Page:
Working with our member companies to help them weather these changes, we’ve seen two distinct waves of digital transformation.
Wave One: Subscriptions and Outcomes
You can categorize Wave One by two key markers: the shift to subscription-based services and the focus on business outcomes over product features.
"We are moving faster and faster to a world where we are a service industry. If you’re not there yet, look at the growth you’re missing out on." - J.B. Wood, TSIA President and CEO 2021 TSW keynote
In Wave One of the digital transformation, we saw a shift from up-front transactions to recurring subscriptions. This was indicative of a larger shift that the technology industry was making. As a whole, companies embracing digital transformation were moving away from the one-time purchase of a product and towards renewable services.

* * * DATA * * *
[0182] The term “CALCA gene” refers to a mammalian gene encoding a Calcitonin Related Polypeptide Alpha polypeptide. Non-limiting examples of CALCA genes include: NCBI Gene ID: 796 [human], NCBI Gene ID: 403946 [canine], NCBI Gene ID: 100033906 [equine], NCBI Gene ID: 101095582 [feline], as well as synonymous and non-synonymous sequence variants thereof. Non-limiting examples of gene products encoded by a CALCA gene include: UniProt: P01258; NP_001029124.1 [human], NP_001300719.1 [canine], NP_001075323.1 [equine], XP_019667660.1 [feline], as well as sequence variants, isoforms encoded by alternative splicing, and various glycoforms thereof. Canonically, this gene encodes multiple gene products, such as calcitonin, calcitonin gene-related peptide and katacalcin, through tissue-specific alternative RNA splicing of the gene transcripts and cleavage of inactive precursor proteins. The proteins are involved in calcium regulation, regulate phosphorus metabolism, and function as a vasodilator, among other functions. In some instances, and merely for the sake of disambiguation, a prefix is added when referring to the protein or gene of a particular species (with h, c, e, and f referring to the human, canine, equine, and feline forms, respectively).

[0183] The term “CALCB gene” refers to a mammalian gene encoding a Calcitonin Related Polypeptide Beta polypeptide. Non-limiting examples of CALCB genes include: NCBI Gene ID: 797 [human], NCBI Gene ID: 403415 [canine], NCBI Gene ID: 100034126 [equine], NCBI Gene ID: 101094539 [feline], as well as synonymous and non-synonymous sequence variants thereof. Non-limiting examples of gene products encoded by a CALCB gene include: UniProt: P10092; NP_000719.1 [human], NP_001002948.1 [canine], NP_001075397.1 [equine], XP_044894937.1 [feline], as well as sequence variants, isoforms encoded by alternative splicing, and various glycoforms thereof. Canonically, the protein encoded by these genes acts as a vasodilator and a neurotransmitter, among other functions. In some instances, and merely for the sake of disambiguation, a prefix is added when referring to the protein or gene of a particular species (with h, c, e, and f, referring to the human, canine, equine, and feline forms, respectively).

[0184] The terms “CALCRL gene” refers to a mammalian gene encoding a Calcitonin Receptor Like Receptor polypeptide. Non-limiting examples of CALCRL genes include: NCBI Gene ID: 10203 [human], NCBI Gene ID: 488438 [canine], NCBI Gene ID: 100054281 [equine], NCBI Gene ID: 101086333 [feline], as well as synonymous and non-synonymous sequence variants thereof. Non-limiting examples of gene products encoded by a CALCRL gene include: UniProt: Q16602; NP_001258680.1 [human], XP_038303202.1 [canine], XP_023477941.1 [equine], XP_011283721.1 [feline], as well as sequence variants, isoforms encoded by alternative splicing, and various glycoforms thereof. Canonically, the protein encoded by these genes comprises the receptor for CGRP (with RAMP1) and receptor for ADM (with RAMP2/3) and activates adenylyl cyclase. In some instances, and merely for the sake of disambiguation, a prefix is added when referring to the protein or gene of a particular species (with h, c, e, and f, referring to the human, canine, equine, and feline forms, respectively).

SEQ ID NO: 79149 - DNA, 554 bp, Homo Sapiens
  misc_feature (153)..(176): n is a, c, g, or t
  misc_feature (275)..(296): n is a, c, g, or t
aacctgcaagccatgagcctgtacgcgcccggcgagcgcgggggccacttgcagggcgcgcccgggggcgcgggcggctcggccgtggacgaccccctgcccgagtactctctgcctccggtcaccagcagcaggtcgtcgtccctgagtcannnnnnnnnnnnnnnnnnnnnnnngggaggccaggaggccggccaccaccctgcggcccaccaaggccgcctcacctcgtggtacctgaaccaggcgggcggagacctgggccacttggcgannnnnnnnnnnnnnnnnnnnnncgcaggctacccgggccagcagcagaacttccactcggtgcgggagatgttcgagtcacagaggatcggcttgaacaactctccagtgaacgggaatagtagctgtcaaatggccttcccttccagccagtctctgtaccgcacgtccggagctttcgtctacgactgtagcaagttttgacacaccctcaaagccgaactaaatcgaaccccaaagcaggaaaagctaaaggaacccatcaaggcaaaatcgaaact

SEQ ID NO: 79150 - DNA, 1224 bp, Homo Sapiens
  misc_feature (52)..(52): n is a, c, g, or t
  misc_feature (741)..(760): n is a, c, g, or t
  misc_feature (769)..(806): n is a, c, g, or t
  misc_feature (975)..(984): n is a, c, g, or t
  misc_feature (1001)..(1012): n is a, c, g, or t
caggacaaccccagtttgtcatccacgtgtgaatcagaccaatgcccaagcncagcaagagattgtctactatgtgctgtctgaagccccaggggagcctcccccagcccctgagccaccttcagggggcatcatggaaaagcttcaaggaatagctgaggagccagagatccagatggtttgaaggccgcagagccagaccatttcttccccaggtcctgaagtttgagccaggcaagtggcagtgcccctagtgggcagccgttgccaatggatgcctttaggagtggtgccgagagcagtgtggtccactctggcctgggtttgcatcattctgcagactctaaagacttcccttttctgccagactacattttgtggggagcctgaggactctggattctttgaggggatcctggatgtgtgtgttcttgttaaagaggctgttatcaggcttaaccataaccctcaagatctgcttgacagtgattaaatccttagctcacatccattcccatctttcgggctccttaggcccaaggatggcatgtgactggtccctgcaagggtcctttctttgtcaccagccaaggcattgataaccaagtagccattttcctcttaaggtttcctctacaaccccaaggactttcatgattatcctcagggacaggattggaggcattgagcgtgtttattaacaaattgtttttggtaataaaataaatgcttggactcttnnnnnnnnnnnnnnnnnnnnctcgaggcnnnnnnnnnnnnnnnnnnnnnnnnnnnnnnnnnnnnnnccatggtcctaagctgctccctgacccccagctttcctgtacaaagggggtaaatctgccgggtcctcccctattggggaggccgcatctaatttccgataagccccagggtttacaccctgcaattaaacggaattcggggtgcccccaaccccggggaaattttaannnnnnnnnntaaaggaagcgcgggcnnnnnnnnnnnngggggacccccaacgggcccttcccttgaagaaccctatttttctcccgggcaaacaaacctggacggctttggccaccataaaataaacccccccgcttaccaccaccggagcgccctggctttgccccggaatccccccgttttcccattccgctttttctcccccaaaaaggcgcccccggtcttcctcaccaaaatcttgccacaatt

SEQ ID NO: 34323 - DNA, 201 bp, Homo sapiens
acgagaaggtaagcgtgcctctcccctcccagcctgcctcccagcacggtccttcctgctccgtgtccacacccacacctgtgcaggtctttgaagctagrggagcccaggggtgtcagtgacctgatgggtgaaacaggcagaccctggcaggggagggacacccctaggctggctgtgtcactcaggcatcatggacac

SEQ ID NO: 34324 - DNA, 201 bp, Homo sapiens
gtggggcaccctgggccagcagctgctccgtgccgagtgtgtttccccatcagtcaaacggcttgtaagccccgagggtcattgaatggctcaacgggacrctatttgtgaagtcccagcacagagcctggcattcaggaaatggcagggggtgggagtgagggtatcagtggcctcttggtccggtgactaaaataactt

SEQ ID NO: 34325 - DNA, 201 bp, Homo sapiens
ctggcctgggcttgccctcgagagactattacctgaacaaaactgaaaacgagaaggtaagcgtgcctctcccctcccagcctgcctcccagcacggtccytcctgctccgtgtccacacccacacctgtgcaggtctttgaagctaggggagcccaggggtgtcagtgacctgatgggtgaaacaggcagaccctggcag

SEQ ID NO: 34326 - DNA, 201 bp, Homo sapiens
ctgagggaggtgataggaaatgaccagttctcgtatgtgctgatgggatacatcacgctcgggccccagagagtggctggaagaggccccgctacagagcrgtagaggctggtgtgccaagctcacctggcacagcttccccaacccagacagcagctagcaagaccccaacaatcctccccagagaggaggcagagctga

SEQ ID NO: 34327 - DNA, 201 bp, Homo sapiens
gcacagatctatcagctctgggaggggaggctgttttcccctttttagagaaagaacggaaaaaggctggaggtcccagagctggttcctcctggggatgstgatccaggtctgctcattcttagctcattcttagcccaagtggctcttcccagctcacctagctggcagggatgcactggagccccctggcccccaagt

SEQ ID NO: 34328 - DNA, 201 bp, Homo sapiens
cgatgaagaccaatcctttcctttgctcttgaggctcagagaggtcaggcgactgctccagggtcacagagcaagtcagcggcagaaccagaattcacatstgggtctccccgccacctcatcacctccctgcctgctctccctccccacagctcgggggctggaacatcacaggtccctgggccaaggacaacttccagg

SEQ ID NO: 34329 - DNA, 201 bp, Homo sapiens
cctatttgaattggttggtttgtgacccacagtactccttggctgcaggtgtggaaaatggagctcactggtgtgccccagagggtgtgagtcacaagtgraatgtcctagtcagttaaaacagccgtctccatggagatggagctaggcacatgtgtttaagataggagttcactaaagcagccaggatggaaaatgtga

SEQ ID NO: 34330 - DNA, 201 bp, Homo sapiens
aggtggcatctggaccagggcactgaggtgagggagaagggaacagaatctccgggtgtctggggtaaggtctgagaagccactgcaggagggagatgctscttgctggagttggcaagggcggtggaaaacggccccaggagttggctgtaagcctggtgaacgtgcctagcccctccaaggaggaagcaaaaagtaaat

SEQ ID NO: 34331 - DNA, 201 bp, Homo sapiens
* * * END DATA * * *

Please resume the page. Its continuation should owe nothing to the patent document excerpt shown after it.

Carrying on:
Along with the surge of subscriptions, wave one saw an increased focus on outcome-based offers. In our 2014 best-selling book, B4B: How Technology and Big Data Are Reinventing the Customer-Supplier Relationship
, we predicted the move from product-focused offers to outcome-focused ones. Today, we see outcome-based selling
as the industry highbar.
The rise of outcome-based offers and subscriptions go hand in hand. If the customer does not get the promised outcomes, they will stop subscribing. Companies that have achieved their business outcomes through your solutions are likely to renew.
In Wave One, it became clear that technology suppliers need to be digitally connected to their customers through the product. Having visibility into adoption levels can show you the progress a customer has made or alert you if they’re falling behind. This allows you to intervene and work towards the promised outcomes with the customers, and, hopefully, secure their renewal.